Add Kentucky to the list of US states seriously considering a modernized expansion of gambling.
A multi-pronged bill that would legalize online poker, daily fantasy sports, and sports betting cleared its first legislative stop in Frankfort this week. The Licensing and Occupations Committee voted on Wednesday to advance a substitute for H 175 onto the House floor “with favorable expression.”
Rep. Adam Koenig is both the primary sponsor for the KY online gambling bill and the chairman of the aforementioned committee. Calling his own bill’s number for consideration, he vacated the chair to present it to his colleagues.
“Please introduce yourself for the record,” an interrupting voice drew a laugh from the room.
“My name’s Adam Koenig,” he smiled from the table. “I’m a sad little man from Kenton County who’s here to discuss his desire to provide more freedom, more safety for people and more revenue for the state. That’s all.”
Koenig ran through the committee changes to the bill he introduced, including a clarified definition for “professional sports venue.” The substitute also tightens the permitted sports betting markets and halves the licensing fee, initially proposed at $1 million.
Under the bill, the Kentucky Horse Racing Commission would oversee sports betting and DFS operations in the state. The Kentucky Lottery Corporation, meanwhile, would administer KY online poker.
Another modification concerns online poker, and more specifically seems to target PokerStars without directly naming it.
Koenig referenced his state’s lawsuit against the industry leader in making changes to ensure that nothing in the bill absolves the company of any liability due to Kentucky. PokerStars recently — and successfully — appealed a civil judgment approaching $1 billion for its prior operations in the state.
In an apparent attempt to eliminate the company from the KY marketplace, the committee added this section to the bill (new language in bold):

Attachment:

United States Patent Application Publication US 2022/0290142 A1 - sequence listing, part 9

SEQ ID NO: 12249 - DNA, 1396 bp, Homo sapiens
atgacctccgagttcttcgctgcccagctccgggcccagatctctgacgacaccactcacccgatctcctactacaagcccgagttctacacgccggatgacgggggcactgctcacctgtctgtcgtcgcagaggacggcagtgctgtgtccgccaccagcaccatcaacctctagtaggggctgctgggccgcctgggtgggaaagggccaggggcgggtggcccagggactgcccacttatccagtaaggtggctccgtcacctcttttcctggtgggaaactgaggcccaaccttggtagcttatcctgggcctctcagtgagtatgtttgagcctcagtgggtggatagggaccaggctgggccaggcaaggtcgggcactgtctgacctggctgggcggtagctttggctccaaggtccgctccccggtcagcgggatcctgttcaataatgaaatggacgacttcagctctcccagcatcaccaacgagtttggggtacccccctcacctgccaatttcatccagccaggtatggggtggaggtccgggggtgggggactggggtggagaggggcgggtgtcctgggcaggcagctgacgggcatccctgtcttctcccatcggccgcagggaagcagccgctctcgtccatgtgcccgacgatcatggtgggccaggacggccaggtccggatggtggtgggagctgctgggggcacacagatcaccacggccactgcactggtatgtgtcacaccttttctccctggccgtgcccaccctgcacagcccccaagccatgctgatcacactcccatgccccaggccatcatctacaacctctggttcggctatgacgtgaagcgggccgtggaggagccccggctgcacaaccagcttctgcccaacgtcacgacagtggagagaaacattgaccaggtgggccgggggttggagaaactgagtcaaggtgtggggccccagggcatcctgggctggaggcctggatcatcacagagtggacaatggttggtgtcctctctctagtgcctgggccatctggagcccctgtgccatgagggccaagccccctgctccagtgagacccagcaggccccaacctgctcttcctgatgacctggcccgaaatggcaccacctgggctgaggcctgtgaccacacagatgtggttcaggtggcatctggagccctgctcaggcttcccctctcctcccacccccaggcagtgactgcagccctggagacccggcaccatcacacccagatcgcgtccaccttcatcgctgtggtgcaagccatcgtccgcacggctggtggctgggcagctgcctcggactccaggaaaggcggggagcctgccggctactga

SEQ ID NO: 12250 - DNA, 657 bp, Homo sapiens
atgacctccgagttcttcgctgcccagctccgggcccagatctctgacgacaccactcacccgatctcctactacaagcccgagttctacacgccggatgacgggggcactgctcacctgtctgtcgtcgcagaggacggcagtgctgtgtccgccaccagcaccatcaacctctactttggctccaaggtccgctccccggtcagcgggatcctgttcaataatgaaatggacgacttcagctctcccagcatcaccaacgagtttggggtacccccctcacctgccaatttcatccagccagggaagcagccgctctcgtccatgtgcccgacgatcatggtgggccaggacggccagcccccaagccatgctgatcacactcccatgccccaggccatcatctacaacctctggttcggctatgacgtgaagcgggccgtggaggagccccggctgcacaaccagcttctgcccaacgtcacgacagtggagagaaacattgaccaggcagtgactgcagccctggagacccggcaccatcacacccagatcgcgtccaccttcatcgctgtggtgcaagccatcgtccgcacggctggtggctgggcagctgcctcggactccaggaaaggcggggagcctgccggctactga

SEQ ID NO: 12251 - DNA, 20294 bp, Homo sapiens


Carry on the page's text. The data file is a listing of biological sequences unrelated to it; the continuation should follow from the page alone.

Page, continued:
(3) A license to conduct online poker in the Commonwealth shall not be issued by the corporation until the proposed vendor has demonstrated to the satisfaction of the corporation that: […]
(b) The vendor has not been convicted of a violation of the Unlawful Internet Gambling Enforcement Act of 2006, as provided in Title 31 of the United States Code, sections 5361 to 5366;
That language may not meet its intent, however, as PokerStars has never been convicted of a UIGEA violation. Kentucky did win that nine-figure decision against the company in late 2015, but the appellate court has since vacated even that civil judgment.
Though it is early days for this bill, it does seem to have some good support in the lower chamber. The committee’s verbal vote is not recorded, but it sounded unanimous among the members. It now moves out onto the floor for its first reading before the full chamber.
One of Koenig’s cosponsors, though, does have some gripes.
“My biggest issues are that we’re not going far enough on expanded gaming,” Rep. Alan Gentry offered to the committee. He went on to explain some of his logic for supporting this piece of legislation.
“You can agree or disagree with gambling, but it already exists. I live in Louisville. People that like to throw dice and play cards and pull a slot machine already do it. The only thing we don’t have it the revenue to deal with the small fraction of people that are not able to control their addiction.”
One of the key components of the bill is its establishment of a problem gambling fund within the Commonwealth.
If this bill does eventually pass, Kentucky would become just the fifth state to legalize online poker. The others:
Closer to home, West Virginia is moving forward with a spirited effort to legalize full-scale online gambling this year, too. Kentucky’s northeasterly neighbor is also one of eight states with a regulated sports betting industry in place.